Professor Alan Smithers, of Buckingham University, said: ‘The inflation in degree classes is rendering them almost meaningless.

‘Employers have to look at A-level results and the university at which the degree is being obtained.’

The heads of elite universities are raking in average pay packages of almost £318,000 ahead of the tripling of tuition fees.

Many vice chancellors are enjoying salary rises when higher education has seen its funding slashed and students are being forced to pay up to £9,000 a year in fees.

A veritable smorgasbord of entertaining higher education observations. All in one short piece. Truly the Mail is spoiling us. We may never see the like again.

Cheating: Only a Click Away

Another plagiarism concern

Previous posts here have covered related matters including online plagiarism, plagiarism in admissions essays and a video attempting to advise students on plagiarism. A recent piece in The Chronicle of Higher Education looks at students cheating through the use of clickers.

Kevin D. Livingston, an associate professor of biology at Trinity University, in Texas, was told by students in his genetics course that other students had used clickers to cheat on homework. Instead of grading assignments individually, he had used clickers to poll students on homework questions in class. He was dismayed to learn that some students had simply shared homework answers during the clicker poll to get credit instead of actually doing the problem sets beforehand.

He also teaches an introductory-biology course in which clicker questions and attendance constitute 20 percent of the grade. He assumes there is some cheating using the devices but leaves it up to students themselves to report abuse, since cheating can nullify hard, honest studying. “I can’t spend all my energy trying to police cheating,” he says.

 

It goes on. Whilst clickers are clearly commonplace in North America I’m not sure how widespread their use is in the UK. And I’d be surprised if we have the kind of problems described here:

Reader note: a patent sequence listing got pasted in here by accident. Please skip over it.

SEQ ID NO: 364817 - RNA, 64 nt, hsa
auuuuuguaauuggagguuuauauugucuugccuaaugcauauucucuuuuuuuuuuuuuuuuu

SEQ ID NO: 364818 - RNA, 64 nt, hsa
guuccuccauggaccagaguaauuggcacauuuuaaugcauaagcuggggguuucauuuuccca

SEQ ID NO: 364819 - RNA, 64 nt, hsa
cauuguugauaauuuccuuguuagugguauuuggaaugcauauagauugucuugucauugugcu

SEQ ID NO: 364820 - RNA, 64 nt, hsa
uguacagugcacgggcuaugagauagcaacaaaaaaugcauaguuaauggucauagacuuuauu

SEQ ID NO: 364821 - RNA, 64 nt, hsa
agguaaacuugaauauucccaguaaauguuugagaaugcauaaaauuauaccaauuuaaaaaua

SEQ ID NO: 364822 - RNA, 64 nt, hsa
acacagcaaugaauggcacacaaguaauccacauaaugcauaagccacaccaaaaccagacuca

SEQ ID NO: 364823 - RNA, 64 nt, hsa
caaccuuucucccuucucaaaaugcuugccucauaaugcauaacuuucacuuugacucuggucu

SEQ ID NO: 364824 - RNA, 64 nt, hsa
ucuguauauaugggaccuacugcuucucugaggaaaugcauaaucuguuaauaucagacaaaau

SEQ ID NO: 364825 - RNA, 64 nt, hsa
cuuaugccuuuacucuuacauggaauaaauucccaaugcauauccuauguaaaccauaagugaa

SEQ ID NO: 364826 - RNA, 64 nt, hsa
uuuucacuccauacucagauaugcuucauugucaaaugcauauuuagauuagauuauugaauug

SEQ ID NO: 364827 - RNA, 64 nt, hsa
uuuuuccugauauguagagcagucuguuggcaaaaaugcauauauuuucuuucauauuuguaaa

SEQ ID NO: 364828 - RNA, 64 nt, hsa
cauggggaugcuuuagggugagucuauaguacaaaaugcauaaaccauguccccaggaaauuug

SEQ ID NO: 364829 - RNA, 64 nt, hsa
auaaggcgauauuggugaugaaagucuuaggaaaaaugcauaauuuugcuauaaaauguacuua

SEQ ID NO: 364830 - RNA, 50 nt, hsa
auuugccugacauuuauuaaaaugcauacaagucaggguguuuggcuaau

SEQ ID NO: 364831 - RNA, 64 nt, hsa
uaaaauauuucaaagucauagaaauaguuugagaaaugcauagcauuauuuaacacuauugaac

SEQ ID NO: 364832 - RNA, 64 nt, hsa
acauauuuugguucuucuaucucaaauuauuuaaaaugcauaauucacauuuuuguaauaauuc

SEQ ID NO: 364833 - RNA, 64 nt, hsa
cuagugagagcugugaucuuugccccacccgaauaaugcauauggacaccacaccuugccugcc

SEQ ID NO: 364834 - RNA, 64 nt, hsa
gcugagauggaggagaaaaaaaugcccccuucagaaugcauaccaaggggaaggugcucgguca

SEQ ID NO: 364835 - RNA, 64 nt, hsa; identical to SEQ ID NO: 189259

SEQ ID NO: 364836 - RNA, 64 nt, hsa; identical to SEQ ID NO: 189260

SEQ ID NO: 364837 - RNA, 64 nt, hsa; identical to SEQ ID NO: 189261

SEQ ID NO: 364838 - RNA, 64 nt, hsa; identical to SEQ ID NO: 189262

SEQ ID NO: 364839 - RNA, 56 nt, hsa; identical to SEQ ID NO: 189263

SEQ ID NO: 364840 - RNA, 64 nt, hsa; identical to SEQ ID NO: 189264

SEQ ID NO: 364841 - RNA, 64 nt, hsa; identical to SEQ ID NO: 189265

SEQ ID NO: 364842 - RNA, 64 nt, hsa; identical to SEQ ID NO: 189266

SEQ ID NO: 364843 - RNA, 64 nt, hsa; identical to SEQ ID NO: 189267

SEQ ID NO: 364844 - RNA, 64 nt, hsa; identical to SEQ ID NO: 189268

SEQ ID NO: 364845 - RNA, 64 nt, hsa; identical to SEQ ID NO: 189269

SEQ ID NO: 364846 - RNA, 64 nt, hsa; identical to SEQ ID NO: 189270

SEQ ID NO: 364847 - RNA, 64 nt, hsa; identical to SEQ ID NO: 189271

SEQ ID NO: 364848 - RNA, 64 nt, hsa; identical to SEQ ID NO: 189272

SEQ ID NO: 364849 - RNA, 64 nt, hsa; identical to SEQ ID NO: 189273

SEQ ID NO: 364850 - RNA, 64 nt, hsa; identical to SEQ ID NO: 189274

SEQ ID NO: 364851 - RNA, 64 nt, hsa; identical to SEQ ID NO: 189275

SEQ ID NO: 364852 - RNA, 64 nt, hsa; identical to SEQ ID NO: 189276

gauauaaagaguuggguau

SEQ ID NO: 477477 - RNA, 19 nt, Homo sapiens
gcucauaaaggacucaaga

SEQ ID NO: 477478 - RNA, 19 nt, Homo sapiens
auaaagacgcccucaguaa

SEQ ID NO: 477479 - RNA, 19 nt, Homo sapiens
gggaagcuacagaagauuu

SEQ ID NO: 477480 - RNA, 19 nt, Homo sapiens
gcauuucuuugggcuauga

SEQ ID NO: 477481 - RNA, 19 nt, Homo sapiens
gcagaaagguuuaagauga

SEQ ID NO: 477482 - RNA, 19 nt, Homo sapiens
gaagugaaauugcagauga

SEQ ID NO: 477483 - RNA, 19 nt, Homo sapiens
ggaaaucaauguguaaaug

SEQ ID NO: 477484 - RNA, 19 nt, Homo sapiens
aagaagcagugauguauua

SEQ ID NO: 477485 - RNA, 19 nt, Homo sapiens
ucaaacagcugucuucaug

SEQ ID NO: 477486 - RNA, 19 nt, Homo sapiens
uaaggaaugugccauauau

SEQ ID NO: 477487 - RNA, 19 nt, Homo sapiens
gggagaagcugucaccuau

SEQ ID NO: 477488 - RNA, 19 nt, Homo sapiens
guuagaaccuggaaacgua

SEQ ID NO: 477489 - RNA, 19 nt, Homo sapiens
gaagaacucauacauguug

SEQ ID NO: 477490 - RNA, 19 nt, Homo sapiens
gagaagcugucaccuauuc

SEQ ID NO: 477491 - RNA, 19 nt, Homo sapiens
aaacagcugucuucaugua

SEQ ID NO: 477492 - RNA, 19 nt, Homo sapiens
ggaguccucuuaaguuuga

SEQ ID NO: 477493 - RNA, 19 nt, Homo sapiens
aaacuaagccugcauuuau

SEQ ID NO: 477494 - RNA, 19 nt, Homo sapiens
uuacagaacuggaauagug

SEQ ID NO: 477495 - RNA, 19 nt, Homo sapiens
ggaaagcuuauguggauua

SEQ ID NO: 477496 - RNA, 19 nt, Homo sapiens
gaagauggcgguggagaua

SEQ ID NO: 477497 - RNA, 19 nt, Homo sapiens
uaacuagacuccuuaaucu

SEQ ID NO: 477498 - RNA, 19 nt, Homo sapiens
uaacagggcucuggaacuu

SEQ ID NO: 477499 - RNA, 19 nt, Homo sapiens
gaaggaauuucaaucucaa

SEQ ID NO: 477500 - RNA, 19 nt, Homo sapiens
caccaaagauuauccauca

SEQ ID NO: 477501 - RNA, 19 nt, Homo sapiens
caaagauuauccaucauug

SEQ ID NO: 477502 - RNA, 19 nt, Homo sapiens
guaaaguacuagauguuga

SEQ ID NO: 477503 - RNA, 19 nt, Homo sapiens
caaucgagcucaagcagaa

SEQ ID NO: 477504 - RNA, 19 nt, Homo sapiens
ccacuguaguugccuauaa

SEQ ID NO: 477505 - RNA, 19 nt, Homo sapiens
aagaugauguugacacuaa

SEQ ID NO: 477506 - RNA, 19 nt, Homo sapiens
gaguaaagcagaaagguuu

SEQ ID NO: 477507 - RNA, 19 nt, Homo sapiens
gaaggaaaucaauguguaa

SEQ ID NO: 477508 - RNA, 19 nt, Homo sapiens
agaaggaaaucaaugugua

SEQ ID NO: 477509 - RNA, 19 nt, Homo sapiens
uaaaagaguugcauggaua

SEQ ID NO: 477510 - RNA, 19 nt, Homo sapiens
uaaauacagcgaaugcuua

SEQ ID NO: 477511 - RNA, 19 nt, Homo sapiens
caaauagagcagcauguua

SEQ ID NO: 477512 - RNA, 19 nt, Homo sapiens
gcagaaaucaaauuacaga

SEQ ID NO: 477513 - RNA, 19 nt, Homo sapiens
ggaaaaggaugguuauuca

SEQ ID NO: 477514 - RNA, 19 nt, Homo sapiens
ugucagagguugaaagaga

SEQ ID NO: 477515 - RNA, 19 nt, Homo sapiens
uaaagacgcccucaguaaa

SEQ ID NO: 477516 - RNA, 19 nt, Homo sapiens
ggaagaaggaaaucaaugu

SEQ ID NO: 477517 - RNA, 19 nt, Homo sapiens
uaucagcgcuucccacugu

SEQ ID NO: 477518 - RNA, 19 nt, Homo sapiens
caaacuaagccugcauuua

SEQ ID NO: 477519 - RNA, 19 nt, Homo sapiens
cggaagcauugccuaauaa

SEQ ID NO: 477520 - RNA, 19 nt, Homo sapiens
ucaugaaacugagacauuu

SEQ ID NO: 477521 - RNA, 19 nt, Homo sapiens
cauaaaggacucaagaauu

Mr. Bruff, the clicker expert and a fan of the devices, says the concerns about cheating are not exaggerated: He sees students boasting about it on Twitter. “I saw one where a guy took a photo with his camera of the clickers he had on his desk—his and four of his friends’—and he was basically bragging about it.” Mr. Bruff says he attends education-technology conferences throughout the country and is constantly asked how to curb abuse.

University “cheating league table”

A rather dubious league table

The Telegraph has a story based on reported incidences of plagiarism which it describes as an:

investigation into cheating at universities, with thousands of students caught plagiarising, trying to bribe lecturers and buying essays from the internet.

As noted in a previous post this issue is really about improved detection rather than a greater prevalence of cheats.

But, anyway, given that they’ve gone to all this effort, you might like to know that the top 10 looks like this:

2005/06 2009/10
Greenwich 540 838
Sheffield Hallam 117 801
Kingston n/a 799
Westminster 840 749
East London n/a 733
Central Lancashire n/a 642
Leeds Metropolitan 157 532
Wolverhampton 360 498
Coventry 74 428
Middlesex 289 425

Bottom of the table

2005/06 2009/10
Dundee 0 0
Cambridge n/a 1
Bristol 3 2
Abertay Dundee 19 5
Durham 2 5
City 4 7
Leicester 0 8
Oxford 11 12
Essex n/a 18
Birmingham 15 20
Sheffield n/a 20

Which, of course, proves absolutely nothing other than that different institutions have different ways of recording, reporting and dealing with plagiarism.

Online plagiarism crackdown “catches thousands”

Tackling plagiarism

It seems that it is still difficult for newspapers to report intelligent steps to tackle plagiarism in a non-sensationalist way. See for example an earlier post on the Sun’s coverage of cheating by students.

The Scotsman is the latest offender in reporting steps taken by universities to tackle plagiarism:

THE number of Scottish students who are trying to cheat their way to a university degree has soared to unprecedented levels in the past five years, according to new figures.

A survey has shown that thousands of undergraduates have been caught plagiarising other people’s work to pass their degree exams.

But last night the leader of Scotland’s students insisted the record plagiarism numbers reported by many of Scotland’s top universities was down to improved detection systems, rather than an increase in cheating by undergraduates.

Liam Burns, the president of NUS Scotland, said: “These figures shouldn’t be seen as a sign of increased cheating, but the inevitable effect of improvements to anti-plagiarism software.

“It’s not as if there are hundreds more students actively trying to cheat.”

Sensible words from the NUS Scotland President. This isn’t totally straightforward but it really is down to improved detection.

Detecting Plagiarism in Admissions Essays

Tackling plagiarism in admissions

According to The Chronicle of Higher Education some colleges in the US are stepping up their efforts to detect plagiarism among applicants: